accessories such as interior lights, cool box or fridge etc. The benefit of this system is that you can run the second battery down flat when camping and the van will
still start using the original battery as they are separate systems. A relay controls the
charging of the second battery, which receives a charge from the original battery but when the
engine is stopped, the contact in the relay is opened, stopping current passing from the original
battery to the leisure system. If you want a second battery system, a 70amp/hour battery
costs around £50 and a relay about £5 if you build yourself or £20 from a
supplier already built. A 70 amp/ hour battery means that you can run a 3.5 amp accessory for 20 hours
before the battery is flat. If adding a leisure battery, add up all the accessories you have and
typically how long you will use them before deciding what size battery to buy.
Test all the electrical appliances - wipers, lights and horn to make sure they work. The wipers typically sweep across the screen very slowly. If the lights are dull, then they are not receiving the full voltage.
A high volt drop between the lights and the battery is usually down to a dirty connection
giving a high resistance. All this requires to remedy, is each connection taking apart and cleaning. If you get
the chance to drive the van at night and the lights are dull but the bulb looks bright, check that
the headlight reflective bowl is not rusty, lowering the efficiency plus this is an MOT failure. Replacement is
easy and cheap.
When starting the engine, the starter should spin quickly with a smooth noise. If the starter does not
turn when the ignition key is turned, check that the solenoid on the starters side is clicking.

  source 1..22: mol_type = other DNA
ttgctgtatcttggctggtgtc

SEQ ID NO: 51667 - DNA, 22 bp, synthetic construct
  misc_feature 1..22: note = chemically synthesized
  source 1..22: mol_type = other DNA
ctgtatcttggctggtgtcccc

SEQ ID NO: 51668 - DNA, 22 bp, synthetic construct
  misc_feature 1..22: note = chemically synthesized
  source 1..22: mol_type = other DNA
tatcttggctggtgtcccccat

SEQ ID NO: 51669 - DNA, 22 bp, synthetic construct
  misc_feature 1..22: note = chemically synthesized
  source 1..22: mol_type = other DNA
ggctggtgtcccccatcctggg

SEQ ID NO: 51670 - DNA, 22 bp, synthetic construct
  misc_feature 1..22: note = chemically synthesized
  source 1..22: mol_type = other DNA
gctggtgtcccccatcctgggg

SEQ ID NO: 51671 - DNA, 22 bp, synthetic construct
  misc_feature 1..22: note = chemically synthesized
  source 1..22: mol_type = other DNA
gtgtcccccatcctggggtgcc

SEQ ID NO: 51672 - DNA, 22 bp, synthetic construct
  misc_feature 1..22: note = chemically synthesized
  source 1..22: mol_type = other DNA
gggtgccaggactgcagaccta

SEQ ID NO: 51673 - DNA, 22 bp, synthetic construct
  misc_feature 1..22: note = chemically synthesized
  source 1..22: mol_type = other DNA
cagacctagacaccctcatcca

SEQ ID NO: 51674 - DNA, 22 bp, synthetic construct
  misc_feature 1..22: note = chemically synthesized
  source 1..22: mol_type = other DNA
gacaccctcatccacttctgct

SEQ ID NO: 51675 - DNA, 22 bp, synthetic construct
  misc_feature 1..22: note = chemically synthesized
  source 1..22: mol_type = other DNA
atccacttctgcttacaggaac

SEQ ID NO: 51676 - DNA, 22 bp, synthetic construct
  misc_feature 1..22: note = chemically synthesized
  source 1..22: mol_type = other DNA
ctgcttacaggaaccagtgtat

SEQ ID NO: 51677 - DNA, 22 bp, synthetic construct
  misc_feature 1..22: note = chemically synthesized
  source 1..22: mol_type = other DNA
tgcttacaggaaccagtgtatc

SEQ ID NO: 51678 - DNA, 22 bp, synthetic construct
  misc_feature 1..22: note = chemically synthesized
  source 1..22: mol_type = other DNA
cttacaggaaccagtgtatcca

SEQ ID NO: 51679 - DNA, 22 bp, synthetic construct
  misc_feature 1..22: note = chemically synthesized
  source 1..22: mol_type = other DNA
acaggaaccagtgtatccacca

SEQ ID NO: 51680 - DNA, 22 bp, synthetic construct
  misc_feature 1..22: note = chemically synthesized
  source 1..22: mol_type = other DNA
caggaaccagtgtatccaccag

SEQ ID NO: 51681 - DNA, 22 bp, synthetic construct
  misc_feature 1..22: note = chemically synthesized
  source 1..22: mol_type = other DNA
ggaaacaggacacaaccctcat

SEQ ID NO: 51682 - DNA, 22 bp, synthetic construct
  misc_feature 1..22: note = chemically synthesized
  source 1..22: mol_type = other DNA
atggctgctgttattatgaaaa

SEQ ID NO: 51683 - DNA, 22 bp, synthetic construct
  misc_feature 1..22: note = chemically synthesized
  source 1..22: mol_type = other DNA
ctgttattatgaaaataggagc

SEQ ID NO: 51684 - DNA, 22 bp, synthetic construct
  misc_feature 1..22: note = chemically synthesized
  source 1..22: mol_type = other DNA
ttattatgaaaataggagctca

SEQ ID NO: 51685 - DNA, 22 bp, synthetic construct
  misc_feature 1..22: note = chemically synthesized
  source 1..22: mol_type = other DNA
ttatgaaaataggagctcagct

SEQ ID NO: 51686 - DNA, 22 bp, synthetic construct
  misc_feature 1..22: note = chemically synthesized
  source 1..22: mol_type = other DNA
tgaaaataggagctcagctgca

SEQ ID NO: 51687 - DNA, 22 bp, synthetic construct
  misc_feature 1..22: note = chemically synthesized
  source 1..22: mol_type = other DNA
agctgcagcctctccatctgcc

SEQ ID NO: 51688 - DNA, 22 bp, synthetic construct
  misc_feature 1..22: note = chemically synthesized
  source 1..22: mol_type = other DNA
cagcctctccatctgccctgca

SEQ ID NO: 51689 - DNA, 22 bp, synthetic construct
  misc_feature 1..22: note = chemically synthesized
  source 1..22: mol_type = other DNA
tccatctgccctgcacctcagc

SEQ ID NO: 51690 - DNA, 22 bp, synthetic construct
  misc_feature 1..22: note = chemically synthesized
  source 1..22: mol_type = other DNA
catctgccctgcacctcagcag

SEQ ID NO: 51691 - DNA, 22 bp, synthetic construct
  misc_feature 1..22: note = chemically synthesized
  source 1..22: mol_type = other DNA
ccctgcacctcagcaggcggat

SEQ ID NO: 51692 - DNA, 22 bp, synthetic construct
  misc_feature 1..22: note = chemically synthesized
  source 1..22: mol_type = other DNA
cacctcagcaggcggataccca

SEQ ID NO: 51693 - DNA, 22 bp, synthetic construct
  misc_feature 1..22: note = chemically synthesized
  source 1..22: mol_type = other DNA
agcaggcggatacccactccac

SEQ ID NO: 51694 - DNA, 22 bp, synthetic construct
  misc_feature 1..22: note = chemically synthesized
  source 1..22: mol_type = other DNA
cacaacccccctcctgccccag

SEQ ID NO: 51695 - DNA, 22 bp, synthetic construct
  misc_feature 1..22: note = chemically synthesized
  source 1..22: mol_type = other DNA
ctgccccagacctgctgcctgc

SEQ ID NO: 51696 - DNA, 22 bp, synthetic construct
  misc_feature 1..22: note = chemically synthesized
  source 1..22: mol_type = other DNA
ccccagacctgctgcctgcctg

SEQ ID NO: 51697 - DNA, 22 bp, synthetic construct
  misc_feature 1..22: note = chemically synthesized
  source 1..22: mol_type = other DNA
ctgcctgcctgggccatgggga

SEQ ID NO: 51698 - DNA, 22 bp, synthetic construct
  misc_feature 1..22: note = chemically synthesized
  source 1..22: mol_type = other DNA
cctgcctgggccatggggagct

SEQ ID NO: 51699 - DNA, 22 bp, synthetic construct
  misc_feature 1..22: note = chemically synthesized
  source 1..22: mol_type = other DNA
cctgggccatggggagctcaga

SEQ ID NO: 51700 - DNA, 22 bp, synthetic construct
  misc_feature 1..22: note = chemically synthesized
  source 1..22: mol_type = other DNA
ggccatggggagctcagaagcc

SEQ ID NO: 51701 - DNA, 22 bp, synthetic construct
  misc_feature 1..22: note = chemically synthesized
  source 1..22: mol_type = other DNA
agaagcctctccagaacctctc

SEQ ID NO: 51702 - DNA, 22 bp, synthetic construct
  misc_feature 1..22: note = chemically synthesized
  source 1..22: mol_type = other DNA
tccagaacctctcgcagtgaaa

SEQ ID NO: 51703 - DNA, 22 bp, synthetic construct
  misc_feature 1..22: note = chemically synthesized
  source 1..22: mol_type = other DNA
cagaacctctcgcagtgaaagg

If the solenoid clicks but the starter does not turn then the starter is jamming and is worn. To get it going, try tapping
the starter when the ignition key is turned with a hammer, which may jolt the starter into moving. This is a get you
home technique only but who would want to get under there van every morning anyway? A recondition starter motor
costs around £50.
The dash electrics are very simple as standard. VW only supplied a speedometer, fuel gauge, oil warning light,
generator warning light and a high beam and lights on, light. A time clock was an optional and rare extra.
The petrol tank float sender unit is prone to sticking in one position, usually on empty after the tank has been run very low.
Check that the gauge moves up or down when travelling up or down a hill. With the fuels consumption of most vans, you don't need
a hill to see the fuel gauge move. Replacement of the sender unit requires the engine and the fuel tank
to be removed - expensive.
Most fires in a Type 2 start in the engine bay due to the amount of oil and fuel around. Check the condition
of the wiring. The 12V positive terminal on the coil powers the distributor, choke heating element and the anti-run on solenoid on the carburetor.
These wires should be routed carefully were they cannot be caught and the terminals should be tight but are normally not. Changing, the
terminals and soldering the joints is only a 30 minute job but worth while.